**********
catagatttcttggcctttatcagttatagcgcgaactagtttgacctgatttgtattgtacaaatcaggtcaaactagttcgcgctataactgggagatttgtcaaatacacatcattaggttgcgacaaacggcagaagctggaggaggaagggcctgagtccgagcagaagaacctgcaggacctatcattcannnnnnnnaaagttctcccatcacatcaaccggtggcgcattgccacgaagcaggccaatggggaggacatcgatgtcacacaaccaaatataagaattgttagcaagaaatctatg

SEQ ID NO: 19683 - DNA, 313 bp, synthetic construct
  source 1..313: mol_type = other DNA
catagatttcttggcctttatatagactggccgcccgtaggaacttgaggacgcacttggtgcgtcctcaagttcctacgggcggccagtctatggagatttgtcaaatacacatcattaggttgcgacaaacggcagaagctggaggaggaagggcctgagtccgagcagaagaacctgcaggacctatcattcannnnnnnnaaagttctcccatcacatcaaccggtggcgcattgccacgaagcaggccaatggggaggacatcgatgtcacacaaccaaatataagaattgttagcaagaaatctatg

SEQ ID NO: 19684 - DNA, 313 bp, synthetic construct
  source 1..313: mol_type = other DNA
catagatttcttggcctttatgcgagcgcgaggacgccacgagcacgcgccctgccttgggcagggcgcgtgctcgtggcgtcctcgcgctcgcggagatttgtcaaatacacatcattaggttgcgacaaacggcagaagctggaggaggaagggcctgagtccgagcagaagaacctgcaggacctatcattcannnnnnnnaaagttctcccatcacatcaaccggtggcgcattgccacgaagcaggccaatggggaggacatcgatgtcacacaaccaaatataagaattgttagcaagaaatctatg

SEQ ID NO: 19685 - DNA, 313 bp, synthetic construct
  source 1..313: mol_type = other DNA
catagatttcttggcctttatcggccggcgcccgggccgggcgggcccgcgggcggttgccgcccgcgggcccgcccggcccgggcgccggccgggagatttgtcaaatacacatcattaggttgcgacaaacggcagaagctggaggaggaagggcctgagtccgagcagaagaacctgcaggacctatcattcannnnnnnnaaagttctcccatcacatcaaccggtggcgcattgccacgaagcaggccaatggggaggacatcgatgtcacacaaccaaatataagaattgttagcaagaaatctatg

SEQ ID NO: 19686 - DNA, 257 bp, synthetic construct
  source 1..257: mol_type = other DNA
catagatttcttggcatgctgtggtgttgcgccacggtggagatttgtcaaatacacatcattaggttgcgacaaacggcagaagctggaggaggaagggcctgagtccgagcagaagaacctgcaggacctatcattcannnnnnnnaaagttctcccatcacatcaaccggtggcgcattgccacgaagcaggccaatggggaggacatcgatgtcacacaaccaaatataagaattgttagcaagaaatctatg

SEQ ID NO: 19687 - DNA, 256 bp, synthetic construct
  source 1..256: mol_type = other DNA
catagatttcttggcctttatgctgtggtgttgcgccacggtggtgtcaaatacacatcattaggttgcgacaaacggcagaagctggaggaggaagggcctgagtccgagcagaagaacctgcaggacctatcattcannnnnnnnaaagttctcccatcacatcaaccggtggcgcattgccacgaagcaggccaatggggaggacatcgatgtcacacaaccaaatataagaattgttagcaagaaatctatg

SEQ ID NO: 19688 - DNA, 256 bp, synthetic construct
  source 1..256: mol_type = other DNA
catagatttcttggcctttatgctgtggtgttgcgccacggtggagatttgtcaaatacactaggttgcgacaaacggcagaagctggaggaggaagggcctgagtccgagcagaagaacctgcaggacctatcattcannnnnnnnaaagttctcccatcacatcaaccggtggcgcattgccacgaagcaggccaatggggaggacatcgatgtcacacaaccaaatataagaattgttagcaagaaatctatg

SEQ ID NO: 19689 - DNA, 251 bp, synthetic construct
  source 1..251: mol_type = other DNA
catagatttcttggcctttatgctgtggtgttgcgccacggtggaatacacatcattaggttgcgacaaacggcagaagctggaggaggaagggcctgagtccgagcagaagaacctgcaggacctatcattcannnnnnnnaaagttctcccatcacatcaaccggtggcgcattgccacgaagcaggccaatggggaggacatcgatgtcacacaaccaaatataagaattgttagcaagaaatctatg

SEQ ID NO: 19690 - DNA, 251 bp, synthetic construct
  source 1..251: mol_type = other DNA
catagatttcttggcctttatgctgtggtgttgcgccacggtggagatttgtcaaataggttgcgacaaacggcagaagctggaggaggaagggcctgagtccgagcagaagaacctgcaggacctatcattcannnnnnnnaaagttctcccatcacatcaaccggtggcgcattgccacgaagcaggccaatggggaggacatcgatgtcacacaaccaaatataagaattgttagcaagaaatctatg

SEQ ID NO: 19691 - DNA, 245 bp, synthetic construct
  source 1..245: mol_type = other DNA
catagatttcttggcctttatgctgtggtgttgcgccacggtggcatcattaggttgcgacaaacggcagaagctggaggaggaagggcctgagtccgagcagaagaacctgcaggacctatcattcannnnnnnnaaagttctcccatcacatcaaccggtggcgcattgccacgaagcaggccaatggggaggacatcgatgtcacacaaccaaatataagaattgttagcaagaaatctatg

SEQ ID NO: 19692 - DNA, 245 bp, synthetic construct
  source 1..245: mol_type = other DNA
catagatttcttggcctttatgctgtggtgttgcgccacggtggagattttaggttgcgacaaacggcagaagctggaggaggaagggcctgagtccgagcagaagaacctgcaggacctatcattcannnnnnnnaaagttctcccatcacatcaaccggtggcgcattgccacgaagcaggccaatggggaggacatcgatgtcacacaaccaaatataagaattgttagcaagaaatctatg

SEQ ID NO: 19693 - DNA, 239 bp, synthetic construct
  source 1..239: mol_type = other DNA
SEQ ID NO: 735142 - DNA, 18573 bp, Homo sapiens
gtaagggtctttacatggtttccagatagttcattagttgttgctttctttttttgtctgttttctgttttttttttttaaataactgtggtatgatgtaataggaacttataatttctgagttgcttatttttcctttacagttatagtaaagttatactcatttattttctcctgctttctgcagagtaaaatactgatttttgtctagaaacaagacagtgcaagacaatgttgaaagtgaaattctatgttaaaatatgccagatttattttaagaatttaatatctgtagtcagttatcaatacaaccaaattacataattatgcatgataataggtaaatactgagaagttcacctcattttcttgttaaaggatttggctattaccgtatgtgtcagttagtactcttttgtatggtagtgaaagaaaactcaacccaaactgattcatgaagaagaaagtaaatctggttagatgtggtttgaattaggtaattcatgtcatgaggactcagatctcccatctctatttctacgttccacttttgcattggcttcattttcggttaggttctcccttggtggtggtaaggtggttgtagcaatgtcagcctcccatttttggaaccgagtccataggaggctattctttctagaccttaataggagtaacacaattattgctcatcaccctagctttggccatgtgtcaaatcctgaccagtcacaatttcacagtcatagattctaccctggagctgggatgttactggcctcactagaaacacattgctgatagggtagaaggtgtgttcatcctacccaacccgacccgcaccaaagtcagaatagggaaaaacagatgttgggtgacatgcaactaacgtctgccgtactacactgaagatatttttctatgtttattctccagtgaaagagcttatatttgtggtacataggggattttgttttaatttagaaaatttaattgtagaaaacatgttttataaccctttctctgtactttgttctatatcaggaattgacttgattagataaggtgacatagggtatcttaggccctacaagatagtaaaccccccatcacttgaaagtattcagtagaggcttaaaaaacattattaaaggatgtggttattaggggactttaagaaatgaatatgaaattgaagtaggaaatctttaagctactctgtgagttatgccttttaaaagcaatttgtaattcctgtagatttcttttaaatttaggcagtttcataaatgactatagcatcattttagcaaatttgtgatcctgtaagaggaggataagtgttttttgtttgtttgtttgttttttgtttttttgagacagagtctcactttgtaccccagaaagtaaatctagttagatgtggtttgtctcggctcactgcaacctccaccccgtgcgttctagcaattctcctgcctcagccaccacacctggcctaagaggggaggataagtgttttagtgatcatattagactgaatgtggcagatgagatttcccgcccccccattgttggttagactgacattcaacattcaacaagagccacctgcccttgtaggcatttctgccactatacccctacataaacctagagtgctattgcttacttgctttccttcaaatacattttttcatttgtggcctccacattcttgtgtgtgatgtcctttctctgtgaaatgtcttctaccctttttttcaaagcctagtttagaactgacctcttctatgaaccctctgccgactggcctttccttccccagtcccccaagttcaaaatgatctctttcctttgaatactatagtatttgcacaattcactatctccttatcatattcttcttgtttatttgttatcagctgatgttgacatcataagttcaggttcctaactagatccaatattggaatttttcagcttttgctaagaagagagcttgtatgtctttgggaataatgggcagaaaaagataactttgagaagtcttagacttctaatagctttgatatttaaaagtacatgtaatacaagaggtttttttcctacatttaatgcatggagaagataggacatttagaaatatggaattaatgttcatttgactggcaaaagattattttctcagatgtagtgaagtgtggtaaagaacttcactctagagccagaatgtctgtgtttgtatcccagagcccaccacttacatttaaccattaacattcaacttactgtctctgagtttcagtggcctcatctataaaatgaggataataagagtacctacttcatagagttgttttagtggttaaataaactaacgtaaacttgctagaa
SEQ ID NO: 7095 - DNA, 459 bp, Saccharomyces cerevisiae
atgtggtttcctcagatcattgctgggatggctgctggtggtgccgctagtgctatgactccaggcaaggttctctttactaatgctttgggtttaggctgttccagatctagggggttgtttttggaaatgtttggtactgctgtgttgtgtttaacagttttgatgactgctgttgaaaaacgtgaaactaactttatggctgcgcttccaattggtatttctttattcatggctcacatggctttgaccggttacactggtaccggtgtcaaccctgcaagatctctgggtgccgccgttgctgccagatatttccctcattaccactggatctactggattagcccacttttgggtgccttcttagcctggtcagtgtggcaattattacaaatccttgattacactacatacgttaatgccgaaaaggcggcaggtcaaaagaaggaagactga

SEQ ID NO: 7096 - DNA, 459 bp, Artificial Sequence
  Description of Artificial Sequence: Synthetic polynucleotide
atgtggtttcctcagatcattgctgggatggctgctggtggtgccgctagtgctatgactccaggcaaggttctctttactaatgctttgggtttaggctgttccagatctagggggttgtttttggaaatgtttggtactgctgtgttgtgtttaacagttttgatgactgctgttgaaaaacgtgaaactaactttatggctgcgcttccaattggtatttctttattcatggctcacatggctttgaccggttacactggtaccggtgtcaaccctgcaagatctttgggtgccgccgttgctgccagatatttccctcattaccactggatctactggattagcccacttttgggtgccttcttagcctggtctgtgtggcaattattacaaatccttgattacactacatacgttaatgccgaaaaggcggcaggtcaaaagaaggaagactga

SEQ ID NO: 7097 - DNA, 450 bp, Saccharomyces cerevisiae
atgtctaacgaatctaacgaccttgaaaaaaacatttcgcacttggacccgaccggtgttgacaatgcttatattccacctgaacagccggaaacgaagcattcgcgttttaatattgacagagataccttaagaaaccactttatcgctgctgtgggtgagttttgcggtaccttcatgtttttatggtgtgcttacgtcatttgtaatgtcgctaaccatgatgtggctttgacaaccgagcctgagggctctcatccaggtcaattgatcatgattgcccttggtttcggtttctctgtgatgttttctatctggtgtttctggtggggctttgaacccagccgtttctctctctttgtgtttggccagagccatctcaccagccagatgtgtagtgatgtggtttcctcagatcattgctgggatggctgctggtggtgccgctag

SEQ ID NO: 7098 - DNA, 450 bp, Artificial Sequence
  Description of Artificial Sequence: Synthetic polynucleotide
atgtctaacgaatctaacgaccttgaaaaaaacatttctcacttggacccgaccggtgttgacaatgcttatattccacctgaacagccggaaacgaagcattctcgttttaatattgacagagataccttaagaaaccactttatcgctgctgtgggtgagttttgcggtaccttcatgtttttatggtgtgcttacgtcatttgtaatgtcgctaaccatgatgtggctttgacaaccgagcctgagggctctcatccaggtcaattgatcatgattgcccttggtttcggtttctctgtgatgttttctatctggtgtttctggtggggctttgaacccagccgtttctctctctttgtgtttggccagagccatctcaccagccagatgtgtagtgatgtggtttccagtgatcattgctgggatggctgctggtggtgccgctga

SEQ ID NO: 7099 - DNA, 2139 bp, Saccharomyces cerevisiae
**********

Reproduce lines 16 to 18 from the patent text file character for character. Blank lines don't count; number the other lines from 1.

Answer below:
catagatttcttggcctttatgctgtggtgttgcgccacggtggtgtcaaatacacatcattaggttgcgacaaacggcagaagctggaggaggaagggcctgagtccgagcagaagaacctgcaggacctatcattcannnnnnnnaaagttctcccatcacatcaaccggtggcgcattgccacgaagcaggccaatggggaggacatcgatgtcacacaaccaaatataagaattgttagcaagaaatctatg

SEQ ID NO: 19688 - DNA, 256 bp, synthetic construct
  source 1..256: mol_type = other DNA